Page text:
RE: University Education and Research Programs in Paramedicine
To Whom It May Concern:
I am a Clinical Professor within the Department of Emergency Medicine at the University of British Columbia. As an Emergency Medical Services (EMS) physician, I have been involved in the operations, education, research and promotion of paramedic practice for the last 20 years. It has been my privilege and honour to have worked and to continue to work with numerous talented, dedicated, and inspiring paramedics. I am an enthusiastic supporter of paramedics and a stalwart advocate for advancing paramedicine as a profession. I strongly assert that the need for university level academic programs specific to paramedicine is vitally important to not only the profession, but to the quality of out-of-hospital medical care.
Paramedicine has evolved relatively quickly as a distinct body of knowledge and skills that continue to play a critical role in health care around the globe. University level degree paramedicine programs have been well established in several other countries including Australia, New Zealand, Ireland, South Africa, the United Kingdom, and the United States. Numerous medical schools internationally have recognized EMS as a distinct and major subspecialty of emergency medicine with academic divisions and centres that specialize in out-of-hospital care education and research. Paramedicine is an essential and prominent discipline for virtually all military forces of the world. In this context, the British Columbia Paramedics Association is championing an effort to persuade universities and other organizations to initiate and sustain academic programs specific to paramedicine. We are fortunate to have a critical mass of paramedics who are keenly dedicated and passionate about formalizing paramedicine as an academic discipline. In order to achieve that, university administrations must recognize that our BC paramedics require an organizational vehicle that can establish degree programs, research infrastructure, and an academic milieu that supports excellence in paramedic practice for not only the health care demands of today, but beyond.
We all acknowledge that quality in health care stems from support and achievement in clinical delivery, education, research, innovation and community engagement. We have witnessed paramedic practice in the province move beyond 911 emergency responses and inter-facility patient transfers and into community paramedicine, special operations (including mass gatherings, event medicine and tactical support), disaster management, environmental medicine, HAZMAT management, public health and many other areas of health care. We rely on paramedics to be the front-line providers for mass casualty incidents, pandemics involving substance use and infectious diseases, and time-sensitive life-saving procedures. It is abundantly clear that paramedics are playing a highly prominent and important role in the delivery of health care, but in this province and generally in this country, they are insufficiently supported by our academic institutions.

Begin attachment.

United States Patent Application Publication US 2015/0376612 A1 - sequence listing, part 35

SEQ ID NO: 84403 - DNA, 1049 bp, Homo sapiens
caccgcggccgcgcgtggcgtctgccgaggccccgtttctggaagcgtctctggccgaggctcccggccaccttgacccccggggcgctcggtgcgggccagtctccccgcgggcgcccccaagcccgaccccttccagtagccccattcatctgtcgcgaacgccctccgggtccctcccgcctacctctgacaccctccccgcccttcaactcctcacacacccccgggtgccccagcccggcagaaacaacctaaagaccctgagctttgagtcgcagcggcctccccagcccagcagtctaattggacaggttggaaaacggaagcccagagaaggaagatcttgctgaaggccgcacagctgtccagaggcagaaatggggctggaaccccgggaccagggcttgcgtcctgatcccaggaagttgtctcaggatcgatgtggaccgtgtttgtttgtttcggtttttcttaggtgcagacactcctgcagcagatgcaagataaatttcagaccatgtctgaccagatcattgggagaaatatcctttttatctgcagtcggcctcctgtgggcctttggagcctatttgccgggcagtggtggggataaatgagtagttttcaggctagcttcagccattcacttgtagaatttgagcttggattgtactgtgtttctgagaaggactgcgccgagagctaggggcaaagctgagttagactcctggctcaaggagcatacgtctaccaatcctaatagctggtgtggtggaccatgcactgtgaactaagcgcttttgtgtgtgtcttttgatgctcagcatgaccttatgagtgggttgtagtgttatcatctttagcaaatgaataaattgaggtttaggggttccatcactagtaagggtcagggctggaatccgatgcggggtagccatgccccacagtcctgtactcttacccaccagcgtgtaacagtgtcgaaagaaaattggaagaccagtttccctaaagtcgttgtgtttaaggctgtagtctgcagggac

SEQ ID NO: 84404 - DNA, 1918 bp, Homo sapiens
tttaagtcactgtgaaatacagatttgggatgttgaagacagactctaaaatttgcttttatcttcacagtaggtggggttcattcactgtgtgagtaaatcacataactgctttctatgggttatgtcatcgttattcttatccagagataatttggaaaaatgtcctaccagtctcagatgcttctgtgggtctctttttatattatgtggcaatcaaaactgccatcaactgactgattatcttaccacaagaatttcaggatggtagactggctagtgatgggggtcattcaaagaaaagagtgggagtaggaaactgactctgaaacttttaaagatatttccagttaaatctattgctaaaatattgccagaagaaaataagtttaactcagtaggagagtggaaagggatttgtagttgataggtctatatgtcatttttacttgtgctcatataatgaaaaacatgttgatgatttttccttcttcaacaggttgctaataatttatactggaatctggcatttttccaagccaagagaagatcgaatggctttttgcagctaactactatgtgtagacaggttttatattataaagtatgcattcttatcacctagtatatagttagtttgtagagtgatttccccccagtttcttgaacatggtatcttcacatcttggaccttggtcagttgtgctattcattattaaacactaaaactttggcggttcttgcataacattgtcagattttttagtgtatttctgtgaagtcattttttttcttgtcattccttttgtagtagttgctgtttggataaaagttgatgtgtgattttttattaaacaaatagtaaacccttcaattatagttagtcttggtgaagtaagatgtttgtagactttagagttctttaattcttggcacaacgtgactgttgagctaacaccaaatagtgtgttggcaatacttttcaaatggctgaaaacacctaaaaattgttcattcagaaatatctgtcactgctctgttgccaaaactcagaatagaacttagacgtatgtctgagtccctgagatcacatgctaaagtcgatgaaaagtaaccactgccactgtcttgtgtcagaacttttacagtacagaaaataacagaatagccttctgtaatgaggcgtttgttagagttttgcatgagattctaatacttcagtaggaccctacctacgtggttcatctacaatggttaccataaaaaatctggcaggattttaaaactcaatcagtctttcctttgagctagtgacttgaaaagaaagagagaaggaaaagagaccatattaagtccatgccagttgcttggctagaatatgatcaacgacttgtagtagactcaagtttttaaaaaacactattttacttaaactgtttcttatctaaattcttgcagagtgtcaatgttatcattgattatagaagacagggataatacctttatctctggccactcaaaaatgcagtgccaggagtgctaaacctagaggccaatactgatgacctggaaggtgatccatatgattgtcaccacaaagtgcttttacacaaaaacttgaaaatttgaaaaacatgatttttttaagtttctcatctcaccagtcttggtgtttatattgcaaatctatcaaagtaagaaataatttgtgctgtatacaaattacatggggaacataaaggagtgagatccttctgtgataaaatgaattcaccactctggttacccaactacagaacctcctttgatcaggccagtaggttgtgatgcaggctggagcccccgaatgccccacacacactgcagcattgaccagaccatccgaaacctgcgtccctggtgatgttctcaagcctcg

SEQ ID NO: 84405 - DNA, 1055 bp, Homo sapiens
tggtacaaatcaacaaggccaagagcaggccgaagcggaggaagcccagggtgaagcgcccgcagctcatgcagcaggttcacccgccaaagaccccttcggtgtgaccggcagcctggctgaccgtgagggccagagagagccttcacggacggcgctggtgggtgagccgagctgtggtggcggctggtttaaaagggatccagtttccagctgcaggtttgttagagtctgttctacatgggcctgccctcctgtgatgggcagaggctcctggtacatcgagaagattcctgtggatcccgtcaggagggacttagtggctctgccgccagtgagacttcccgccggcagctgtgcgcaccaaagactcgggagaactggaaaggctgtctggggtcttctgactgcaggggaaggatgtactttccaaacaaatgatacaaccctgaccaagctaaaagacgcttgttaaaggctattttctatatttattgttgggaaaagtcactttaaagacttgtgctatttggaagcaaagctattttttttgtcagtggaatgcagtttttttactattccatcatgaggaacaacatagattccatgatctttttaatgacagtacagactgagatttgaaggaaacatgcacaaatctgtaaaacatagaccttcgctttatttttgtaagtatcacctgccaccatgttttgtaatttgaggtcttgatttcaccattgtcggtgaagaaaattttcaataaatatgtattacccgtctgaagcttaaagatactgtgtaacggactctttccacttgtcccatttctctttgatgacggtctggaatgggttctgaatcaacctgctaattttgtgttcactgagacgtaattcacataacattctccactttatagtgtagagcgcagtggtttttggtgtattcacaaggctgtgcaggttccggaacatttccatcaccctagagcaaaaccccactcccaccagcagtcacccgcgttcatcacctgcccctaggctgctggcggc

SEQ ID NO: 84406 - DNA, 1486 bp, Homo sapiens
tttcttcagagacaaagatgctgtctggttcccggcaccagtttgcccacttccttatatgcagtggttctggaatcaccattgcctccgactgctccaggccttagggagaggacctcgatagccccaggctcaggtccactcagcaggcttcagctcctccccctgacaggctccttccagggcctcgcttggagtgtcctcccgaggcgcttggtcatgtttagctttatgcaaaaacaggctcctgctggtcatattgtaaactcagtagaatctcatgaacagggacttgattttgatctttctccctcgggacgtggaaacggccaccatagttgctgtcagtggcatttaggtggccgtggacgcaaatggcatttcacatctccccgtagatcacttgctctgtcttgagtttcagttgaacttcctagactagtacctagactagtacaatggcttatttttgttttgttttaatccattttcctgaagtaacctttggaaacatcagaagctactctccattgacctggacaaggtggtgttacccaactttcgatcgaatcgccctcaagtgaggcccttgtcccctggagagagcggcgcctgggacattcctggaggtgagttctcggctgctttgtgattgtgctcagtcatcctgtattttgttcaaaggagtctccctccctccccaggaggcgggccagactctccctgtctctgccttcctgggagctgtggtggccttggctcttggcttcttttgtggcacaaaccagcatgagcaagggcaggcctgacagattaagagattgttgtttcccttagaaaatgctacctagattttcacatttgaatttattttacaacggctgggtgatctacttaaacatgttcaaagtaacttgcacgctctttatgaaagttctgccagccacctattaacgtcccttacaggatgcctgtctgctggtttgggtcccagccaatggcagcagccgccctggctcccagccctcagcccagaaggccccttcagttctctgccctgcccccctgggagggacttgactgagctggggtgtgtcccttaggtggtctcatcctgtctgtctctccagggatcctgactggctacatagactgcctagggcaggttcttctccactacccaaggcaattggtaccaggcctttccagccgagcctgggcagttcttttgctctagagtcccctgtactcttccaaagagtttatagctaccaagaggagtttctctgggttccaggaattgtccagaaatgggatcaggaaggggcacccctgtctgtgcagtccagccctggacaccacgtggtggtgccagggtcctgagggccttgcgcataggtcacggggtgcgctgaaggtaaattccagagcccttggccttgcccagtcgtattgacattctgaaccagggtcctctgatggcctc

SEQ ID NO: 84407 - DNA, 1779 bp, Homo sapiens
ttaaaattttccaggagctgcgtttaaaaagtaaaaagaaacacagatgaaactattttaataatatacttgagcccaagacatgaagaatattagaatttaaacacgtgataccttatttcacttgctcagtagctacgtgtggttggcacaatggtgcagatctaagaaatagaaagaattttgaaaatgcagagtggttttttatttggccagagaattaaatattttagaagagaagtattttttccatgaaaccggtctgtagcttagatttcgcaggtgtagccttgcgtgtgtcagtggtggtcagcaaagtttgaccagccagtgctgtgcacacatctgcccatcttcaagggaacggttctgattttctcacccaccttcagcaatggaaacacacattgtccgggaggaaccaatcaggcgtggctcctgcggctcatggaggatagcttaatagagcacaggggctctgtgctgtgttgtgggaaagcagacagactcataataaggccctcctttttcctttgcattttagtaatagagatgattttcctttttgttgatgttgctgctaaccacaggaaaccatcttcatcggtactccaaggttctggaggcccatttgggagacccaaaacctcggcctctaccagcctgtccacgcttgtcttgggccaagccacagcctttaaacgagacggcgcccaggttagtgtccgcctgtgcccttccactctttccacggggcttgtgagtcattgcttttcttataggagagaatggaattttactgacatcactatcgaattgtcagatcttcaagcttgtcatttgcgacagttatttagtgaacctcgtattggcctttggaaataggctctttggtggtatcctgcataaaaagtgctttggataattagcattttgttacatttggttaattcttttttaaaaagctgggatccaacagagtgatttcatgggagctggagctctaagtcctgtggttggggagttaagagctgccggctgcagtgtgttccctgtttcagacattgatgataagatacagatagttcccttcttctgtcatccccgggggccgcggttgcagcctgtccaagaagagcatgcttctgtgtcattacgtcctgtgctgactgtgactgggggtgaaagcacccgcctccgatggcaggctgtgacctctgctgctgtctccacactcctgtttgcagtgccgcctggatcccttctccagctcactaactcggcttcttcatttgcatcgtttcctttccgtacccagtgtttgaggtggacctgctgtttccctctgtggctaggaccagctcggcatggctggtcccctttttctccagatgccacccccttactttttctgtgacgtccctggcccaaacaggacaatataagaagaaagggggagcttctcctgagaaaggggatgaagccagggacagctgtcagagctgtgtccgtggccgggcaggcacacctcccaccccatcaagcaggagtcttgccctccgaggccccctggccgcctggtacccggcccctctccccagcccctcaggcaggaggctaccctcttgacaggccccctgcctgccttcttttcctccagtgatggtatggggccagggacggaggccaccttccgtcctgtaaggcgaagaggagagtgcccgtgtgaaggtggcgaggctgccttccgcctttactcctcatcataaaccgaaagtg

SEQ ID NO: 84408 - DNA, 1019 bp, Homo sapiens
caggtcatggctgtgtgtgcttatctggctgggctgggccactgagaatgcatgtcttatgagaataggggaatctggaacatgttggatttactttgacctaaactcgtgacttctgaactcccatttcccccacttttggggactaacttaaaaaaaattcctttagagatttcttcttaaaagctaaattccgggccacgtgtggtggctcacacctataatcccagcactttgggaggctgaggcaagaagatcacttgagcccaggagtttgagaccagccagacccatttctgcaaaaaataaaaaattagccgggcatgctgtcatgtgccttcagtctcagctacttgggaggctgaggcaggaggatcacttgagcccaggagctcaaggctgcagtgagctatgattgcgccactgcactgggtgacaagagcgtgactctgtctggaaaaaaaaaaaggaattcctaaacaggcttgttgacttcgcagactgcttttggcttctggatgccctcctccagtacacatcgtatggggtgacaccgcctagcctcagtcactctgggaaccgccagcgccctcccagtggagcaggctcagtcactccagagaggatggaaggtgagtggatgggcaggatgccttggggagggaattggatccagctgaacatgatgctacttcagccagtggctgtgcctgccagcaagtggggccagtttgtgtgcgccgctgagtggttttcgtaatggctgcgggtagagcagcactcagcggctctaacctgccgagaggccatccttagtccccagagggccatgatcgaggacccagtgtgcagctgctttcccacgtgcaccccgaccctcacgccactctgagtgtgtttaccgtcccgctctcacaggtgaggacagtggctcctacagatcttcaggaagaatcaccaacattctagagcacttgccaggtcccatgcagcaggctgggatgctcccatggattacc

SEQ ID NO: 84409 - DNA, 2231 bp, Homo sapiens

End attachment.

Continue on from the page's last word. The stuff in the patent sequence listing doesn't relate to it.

Paramedics are highly motivated and passionate health care professionals who possess a dedication to life-long learning, inter-disciplinary collaboration, research and clinical excellence. It is long past due for academic institutions and other decision-makers in this province to provide these professionals a formal academic environment to enable them to strengthen and sustain their profession, just like other health professions. Our society takes it for granted that in any person’s moment of medical need, paramedics will be there to use their knowledge and skills to render immediate aid and comfort. I ardently argue that all of us who benefit daily from the security, safety and clinical care that paramedics are always ready to provide us should be doing our best to support paramedicine.
Philip Yoon, MD, MBA, CCFP(EM), FCFP
Clinical Professor, Department of Emergency Medicine, University of British Columbia
Emergency Physician, Royal Columbian & Eagle Ridge Hospitals, Fraser Health
Reserve Medical Officer, 1 Canadian Field Hospital – Ottawa Detachment, Canadian Armed Forces Medical Director, EMS Physician Online Support, British Columbia Emergency Health Services
Vice-Chair, Emergency Medical Assistants Licensing Board, Ministry of Health, Province of British Columbia